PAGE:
Cortical activity influences geniculocortical spike efficacy in the macaque monkey

Farran Briggs, William Martin Usrey

Research output: Contribution to journalArticle

6 Scopus citations


Thalamocortical communication is a dynamic process influenced by both presynaptic and postsynaptic mechanisms. In this study, we recorded single-unit responses from cortical neurons that received direct input from the lateral geniculate nucleus (LGN) to address the question of whether prior patterns of cortical activity affect the ability of LGN inputs to drive cortical responses. By examining the ongoing activity that preceded the arrival of electrically evoked spikes from the LGN, we identified a number of activity patterns that were predictive of suprathreshold communication. Namely, cortical neurons were more likely to respond to LGN stimulation when their activity levels increased to 30-40Hz and/or their activity displayed rhythmic patterns (30 ms intervals) with increased power in the gamma frequency band. Cortical neurons were also more likely to respond to LGN stimulation when their activity increased 30-40 ms prior to stimulation, suggesting that the phase of gamma activity also contributes to geniculocortical communication. Based on these results, we conclude that ongoing activity in the cortex is not random, but rather organized in a manner that can influence the dynamics of thalamocortical communication.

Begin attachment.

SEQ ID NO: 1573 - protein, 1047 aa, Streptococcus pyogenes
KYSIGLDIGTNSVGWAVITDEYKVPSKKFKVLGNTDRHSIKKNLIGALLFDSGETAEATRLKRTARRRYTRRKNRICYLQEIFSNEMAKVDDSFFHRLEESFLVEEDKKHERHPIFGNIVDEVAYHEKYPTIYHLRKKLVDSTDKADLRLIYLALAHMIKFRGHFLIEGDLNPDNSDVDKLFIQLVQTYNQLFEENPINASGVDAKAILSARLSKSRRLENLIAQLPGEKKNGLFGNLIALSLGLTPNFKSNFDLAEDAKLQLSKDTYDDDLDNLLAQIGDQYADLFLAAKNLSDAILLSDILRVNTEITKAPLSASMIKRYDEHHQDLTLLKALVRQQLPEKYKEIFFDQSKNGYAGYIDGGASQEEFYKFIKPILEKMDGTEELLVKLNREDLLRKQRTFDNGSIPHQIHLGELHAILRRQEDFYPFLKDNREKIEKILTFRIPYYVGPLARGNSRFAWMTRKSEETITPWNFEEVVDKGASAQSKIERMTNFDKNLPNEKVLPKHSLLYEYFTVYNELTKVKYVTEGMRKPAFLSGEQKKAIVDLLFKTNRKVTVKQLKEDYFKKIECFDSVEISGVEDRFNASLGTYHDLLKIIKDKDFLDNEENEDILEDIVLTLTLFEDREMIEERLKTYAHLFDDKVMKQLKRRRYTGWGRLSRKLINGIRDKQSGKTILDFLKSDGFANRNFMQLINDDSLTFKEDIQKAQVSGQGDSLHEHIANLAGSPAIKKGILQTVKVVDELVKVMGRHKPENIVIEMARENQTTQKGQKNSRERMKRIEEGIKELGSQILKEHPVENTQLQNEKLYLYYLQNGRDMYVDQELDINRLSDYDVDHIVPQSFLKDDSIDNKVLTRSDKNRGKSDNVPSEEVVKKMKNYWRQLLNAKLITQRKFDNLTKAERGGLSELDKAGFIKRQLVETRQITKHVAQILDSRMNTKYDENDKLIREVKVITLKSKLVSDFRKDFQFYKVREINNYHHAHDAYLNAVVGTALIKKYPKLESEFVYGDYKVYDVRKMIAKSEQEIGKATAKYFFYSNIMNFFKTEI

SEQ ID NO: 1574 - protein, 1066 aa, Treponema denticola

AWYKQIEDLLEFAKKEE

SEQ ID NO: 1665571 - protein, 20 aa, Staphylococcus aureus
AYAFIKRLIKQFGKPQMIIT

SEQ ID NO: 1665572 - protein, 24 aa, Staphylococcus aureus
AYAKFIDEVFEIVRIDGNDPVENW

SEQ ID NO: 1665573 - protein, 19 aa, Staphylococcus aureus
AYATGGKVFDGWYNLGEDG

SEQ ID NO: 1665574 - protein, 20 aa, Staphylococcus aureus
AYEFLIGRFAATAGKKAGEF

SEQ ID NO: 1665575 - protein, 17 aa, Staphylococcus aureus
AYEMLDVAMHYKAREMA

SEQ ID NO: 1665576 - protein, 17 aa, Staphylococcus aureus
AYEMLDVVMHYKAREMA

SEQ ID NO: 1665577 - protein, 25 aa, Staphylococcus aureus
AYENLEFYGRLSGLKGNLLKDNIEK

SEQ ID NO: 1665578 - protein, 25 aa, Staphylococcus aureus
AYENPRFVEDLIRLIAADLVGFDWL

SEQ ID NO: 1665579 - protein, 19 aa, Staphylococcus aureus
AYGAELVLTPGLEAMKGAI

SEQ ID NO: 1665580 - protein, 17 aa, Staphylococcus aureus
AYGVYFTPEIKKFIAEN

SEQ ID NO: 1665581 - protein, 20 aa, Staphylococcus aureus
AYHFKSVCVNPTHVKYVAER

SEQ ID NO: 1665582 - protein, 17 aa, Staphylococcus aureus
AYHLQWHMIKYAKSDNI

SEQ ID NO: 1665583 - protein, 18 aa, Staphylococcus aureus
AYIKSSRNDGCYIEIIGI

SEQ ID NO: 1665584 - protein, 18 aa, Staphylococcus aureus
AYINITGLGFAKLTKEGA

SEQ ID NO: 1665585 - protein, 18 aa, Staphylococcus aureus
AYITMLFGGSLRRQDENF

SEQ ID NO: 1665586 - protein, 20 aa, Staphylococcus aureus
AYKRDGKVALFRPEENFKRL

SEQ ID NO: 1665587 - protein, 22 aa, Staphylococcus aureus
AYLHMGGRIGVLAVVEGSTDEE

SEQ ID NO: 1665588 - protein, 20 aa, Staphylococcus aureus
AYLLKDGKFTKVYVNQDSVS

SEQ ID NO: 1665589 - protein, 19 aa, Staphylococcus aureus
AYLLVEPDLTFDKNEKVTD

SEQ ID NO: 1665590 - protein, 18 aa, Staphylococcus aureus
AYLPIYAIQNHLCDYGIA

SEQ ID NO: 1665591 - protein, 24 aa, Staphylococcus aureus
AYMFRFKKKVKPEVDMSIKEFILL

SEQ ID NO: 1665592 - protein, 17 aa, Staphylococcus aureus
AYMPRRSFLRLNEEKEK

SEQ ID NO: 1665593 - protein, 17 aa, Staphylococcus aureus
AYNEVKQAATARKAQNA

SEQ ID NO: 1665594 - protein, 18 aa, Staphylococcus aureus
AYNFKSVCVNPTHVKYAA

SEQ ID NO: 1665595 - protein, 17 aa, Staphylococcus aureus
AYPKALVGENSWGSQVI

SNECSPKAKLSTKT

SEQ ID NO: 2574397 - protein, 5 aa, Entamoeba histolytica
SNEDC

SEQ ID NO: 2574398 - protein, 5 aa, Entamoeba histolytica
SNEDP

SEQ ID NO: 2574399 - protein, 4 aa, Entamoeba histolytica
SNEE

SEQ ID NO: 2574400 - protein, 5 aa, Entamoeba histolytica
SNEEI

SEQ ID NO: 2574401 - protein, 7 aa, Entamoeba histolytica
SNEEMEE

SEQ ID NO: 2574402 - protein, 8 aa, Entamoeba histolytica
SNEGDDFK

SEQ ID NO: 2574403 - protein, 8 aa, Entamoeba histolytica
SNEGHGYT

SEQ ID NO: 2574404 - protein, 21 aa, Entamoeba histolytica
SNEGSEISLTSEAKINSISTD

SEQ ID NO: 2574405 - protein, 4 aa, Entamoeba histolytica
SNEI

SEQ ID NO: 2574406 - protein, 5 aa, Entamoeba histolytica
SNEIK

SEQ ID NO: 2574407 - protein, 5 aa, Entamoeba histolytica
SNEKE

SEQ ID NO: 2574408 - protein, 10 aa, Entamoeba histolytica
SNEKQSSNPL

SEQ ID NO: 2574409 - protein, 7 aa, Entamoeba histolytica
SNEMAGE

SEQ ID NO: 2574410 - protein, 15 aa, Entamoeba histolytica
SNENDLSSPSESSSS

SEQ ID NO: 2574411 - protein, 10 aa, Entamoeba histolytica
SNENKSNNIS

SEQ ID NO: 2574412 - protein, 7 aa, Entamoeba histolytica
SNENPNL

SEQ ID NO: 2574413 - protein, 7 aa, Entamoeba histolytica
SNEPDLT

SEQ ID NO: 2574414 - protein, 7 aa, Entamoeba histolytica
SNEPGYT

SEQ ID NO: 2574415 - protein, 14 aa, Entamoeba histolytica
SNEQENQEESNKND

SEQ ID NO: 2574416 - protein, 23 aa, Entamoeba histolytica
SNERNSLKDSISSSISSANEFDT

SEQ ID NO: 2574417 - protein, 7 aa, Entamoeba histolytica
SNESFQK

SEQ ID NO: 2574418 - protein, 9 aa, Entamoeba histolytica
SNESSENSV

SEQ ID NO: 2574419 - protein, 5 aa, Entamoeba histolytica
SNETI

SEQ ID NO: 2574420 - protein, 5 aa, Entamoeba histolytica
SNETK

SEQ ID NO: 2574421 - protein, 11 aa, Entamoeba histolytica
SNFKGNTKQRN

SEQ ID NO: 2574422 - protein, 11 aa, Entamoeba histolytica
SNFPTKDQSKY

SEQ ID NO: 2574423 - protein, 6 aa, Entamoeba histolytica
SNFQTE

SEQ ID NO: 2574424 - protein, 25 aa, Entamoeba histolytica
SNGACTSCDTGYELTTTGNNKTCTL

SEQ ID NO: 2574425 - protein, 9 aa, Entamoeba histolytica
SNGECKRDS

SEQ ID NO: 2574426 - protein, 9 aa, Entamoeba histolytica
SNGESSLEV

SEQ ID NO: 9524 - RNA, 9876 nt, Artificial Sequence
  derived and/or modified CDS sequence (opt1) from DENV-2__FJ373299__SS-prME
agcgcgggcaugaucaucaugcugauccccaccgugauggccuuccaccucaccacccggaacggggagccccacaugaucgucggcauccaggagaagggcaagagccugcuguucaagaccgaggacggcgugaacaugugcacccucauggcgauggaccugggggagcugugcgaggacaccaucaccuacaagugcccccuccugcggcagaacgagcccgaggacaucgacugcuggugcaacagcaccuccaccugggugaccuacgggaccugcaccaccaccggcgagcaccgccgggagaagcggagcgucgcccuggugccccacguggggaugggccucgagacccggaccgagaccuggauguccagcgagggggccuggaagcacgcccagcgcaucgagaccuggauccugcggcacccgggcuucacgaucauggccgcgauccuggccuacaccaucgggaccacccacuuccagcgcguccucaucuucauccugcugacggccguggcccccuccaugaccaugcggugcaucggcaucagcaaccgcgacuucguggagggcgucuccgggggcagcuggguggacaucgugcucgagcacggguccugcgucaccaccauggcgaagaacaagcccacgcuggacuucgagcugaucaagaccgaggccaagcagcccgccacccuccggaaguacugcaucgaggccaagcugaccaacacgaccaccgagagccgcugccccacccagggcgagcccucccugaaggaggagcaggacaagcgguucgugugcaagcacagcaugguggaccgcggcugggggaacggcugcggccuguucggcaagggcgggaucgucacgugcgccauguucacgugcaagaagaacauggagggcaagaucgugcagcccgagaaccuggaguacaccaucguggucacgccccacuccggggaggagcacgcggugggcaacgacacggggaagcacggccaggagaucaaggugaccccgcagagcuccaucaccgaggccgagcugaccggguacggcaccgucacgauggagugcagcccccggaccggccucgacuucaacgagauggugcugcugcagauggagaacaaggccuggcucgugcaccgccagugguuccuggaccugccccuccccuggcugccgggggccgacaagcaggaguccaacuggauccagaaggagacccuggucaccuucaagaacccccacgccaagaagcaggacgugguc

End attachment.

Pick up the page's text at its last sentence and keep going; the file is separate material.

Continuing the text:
Original languageEnglish (US)
Article number3
JournalFrontiers in Integrative Neuroscience
Issue numberNOV
StatePublished - Nov 30 2007



  • Coding
  • Lateral geniculate nucleus
  • LGN
  • Spike rate
  • V1

ASJC Scopus subject areas

  • Sensory Systems
  • Cognitive Neuroscience
  • Cellular and Molecular Neuroscience

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